The moment of truth! Is everything where it’s supposed to be? Oftentimes not. You can imagine that official maps etched in metal or printed on glass don’t get updated often, & detail can be minimal. But I love extra features, so changes are always necessary. I returned to the monastery several times to check the walking route & to add details for columns, draw barricades, sketch steps, count doors, basically whatever necessary to make the map better. Click on the image below to see some of my notes:

Step 6: Design & illustrate

Layout often depends on the amount of text for each particular item, as well as making the overall guide easy to read. In some instances, there’s no other choice but to fill the page with text, but wherever possible, adding white space makes reading a lot easier. InDesign makes layout a breeze although learning how to use the program well took time. I spent several months with tutorials, did a crash course in basic graphic design & asked friends who work in the field a ton of questions.

I use Illustrator for all graphics, & again, that was another steep learning curve. In 2008 when I began toying with the idea of writing my own guides, tablets & smartphones weren’t widespread. Most people would have to print these guides in order to use them, so I relied on artwork as opposed to photography. Much has changed since then, so now I incorporate quite a few photos —either archival with no copyright issues or my own current pics— to help illustrate concepts. It’s true I still spend a lot of time drawing to give Endless Mile guides a clean, crisp look.

Endless Mile, Lisboa, Mosteiro dos Jerónimos guide

Step 7: Find a volunteer

While I always take the final version out for a test run myself, there’s nothing like a fresh set of eyes. Often during in the process of writing, I’ll ask friends to proofread for me in exchange for a free final copy. Even better if they live locally & visit in person. While I run the show at Endless Mile, I couldn’t make it work without my friends. Thanks for all the support!

Endless Mile, Lisboa, Mosteiro dos Jerónimos guide

Step 8: Webpage creation & marketing

Once everything reads well & looks great, the guide goes for sale. That involves writing copy for a new webpage, selecting images, sending out emails announcing the new guide & contacting local agencies. Lisbon is great for that. Admittedly, I suck at marketing but I do what I can. Word of mouth works wonders though.

Mosteiro dos Jerónimos guide, webpage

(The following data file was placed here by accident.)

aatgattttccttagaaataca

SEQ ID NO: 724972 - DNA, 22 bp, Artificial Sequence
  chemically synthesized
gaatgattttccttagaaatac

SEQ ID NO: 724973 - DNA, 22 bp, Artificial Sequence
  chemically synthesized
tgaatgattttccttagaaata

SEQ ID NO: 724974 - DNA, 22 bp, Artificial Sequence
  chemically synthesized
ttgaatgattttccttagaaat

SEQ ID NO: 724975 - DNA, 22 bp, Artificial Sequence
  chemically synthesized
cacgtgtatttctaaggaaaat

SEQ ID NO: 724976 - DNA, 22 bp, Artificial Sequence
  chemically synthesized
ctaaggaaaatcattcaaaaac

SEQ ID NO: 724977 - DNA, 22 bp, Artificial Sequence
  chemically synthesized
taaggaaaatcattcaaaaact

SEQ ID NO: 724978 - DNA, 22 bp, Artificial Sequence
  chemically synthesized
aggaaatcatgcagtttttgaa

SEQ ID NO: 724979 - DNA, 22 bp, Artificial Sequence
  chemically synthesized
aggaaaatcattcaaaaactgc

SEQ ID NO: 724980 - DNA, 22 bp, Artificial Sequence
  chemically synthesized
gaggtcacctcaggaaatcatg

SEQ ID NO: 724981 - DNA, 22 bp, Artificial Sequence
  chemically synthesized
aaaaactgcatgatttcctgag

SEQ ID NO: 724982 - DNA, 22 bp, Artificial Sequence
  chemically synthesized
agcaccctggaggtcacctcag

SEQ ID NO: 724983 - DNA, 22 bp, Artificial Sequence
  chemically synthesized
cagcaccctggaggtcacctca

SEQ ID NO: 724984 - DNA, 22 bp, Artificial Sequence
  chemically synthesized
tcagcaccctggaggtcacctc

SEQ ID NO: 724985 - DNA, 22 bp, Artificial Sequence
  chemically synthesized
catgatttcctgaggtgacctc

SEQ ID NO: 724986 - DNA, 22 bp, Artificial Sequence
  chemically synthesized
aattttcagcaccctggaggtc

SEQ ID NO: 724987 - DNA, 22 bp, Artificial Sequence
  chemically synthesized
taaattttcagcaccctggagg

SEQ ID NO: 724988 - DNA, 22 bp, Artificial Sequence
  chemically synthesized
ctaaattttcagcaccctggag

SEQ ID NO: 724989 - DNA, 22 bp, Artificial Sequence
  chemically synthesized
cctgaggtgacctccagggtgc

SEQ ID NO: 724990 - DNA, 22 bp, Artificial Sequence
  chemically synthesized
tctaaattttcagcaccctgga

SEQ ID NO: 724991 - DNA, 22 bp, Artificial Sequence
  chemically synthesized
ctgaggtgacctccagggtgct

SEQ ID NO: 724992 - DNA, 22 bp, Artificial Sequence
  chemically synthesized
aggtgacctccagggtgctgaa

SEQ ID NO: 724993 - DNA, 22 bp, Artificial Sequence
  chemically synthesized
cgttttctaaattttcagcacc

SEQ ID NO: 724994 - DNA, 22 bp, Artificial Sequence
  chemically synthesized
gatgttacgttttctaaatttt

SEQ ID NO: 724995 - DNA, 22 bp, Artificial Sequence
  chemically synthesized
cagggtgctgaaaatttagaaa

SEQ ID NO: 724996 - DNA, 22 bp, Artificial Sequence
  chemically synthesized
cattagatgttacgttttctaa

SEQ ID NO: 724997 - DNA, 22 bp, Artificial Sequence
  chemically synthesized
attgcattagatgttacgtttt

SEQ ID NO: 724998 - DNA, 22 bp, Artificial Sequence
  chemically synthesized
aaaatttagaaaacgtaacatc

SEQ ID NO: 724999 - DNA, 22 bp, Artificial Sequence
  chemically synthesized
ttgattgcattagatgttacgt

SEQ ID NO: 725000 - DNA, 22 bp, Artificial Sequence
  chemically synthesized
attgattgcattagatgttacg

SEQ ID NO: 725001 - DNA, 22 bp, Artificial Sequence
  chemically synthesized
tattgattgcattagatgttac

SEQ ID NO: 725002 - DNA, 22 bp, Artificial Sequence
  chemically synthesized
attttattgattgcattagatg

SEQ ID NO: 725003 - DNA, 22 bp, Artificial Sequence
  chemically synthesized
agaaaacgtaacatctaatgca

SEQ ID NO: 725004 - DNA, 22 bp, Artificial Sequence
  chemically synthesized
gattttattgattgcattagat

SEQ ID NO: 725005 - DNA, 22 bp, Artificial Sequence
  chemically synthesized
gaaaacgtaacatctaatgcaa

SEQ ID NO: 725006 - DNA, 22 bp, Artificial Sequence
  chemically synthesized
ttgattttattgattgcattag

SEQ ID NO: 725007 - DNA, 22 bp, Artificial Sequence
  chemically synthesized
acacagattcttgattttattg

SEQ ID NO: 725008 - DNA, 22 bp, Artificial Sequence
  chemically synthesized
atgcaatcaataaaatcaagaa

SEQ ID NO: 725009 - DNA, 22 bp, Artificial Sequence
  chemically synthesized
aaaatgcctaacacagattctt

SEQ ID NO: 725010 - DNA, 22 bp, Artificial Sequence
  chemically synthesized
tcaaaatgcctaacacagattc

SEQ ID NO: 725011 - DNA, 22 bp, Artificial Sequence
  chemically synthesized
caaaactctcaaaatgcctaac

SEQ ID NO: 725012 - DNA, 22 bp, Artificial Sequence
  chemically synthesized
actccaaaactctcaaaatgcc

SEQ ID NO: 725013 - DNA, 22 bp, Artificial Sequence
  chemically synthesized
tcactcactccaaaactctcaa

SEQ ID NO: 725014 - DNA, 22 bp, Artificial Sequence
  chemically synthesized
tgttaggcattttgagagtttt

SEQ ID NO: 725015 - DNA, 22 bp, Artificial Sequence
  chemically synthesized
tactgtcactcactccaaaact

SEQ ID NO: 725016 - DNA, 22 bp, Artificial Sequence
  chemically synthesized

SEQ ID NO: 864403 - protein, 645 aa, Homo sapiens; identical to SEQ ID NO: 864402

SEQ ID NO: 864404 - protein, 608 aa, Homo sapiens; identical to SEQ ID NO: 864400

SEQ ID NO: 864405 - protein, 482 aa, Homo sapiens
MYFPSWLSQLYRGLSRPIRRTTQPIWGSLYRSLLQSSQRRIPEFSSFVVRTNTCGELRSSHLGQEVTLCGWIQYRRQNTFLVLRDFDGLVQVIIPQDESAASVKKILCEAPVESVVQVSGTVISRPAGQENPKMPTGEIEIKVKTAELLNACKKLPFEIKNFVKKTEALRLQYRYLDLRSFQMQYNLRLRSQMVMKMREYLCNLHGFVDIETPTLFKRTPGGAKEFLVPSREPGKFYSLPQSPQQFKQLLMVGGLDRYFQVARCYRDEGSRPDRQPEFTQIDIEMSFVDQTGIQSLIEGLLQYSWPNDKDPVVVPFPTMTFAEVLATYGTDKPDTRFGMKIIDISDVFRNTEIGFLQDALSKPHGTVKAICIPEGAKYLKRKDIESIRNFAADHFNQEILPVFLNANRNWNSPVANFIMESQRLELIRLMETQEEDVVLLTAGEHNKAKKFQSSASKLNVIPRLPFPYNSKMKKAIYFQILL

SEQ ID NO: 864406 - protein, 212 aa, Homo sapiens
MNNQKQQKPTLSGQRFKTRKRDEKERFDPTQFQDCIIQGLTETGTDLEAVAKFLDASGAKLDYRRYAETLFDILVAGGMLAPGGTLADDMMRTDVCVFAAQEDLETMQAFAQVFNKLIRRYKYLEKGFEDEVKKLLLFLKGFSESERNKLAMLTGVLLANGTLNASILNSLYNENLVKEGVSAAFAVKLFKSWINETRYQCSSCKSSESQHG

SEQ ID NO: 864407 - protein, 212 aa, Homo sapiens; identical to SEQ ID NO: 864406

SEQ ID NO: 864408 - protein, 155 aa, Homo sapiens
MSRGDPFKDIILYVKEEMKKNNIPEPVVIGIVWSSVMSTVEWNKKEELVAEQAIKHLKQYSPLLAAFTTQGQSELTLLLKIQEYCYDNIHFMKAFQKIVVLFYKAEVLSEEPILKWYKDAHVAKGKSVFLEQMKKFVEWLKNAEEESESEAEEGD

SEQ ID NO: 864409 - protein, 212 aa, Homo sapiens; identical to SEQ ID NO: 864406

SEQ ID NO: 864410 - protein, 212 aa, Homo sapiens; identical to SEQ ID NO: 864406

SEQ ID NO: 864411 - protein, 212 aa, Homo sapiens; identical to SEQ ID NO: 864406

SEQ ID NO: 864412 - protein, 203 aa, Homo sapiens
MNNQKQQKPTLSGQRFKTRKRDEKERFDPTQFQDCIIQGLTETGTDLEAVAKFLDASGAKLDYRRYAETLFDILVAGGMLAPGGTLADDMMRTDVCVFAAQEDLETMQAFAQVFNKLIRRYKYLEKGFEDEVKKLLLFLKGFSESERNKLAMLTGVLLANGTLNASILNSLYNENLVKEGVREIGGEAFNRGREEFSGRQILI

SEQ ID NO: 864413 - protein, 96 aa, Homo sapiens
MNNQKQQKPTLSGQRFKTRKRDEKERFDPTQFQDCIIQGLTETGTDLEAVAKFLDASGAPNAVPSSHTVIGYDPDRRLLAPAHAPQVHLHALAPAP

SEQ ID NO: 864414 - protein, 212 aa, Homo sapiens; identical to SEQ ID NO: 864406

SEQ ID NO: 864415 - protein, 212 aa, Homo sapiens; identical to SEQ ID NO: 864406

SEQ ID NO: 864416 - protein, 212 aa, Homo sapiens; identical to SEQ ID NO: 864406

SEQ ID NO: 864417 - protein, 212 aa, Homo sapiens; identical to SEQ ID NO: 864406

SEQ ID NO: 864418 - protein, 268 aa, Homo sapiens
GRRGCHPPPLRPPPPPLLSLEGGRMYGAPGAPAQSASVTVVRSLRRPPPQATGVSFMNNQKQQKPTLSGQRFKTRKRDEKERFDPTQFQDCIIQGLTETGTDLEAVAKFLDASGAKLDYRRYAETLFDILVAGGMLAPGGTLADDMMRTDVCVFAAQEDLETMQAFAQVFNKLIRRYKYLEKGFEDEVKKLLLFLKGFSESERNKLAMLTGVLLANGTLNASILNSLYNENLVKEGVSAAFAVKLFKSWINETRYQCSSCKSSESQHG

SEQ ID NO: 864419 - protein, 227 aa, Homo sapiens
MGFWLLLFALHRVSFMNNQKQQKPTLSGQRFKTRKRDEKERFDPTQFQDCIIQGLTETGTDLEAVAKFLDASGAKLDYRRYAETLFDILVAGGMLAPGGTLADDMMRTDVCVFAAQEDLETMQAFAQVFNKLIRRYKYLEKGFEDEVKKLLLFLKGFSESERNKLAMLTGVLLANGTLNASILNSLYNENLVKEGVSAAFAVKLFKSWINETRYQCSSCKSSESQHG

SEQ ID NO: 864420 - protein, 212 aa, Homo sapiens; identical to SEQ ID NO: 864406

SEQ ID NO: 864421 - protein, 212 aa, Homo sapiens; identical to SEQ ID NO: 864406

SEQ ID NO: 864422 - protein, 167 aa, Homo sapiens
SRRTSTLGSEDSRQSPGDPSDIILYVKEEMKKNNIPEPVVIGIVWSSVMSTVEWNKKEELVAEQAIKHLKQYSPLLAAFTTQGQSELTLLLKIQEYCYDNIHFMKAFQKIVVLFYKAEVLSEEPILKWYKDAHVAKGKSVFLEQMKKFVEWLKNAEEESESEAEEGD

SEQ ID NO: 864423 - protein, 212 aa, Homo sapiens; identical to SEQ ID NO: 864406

Step 9: Updates

Since I visit Portugal often —for both work & for fun— I’m aware when important changes occur, like raising the admission price or when sections close for restoration. A quick update is easy enough to do, but sometimes I’ll decide on a major overhaul. The first version of the Mosteiro guide, released in November 2012, had few photos. Later I decided to add pics of each stop on the walking route, rework some of the design & spend a few days drawing that crazy southern entrance. As a result, the guide grew by five more pages. That should do… until another change in the monastery comes along!


In the end, Endless Mile’s mission is to help people understand & relate to the places they visit. The Mosteiro dos Jerónimos certainly has stunning architecture, but it’s also a modern-day reminder of the times when Portugal controlled ocean trade routes & created a global empire. As a pantheon for the second Portuguese dynasty, royalty had no idea that centuries later they’d be the centerpiece of a Salazar-era Expo promoting Portugal’s greatness. As you can tell, several months of work go into each Endless Mile guide… visit the Mosteiro dos Jerónimos with us to learn all you can!

2 thoughts on “writing: mosteiro dos jerónimos”

  1. This is fascinating, Robert. Thanks for sharing the process of writing for Endlessmile. Like you, the cloisters at Mosteiro dos Jerónimos took my breath away. I have a photograph of them hanging in my living room. The RS trip to Portugal I was on in 2015 is an ongoing happy memory. Hope to return to beautiful Portugal again.

    1. Hello, Kris! Even with all the travel I do for Rick, the Mosteiro dos Jerónimos remains one of my favorite places in Europe. So glad to hear you feel the same! I’m looking forward to taking people to Portugal again this year… but maybe my waistline isn’t :-) Hope to see you in Portugal at some point!!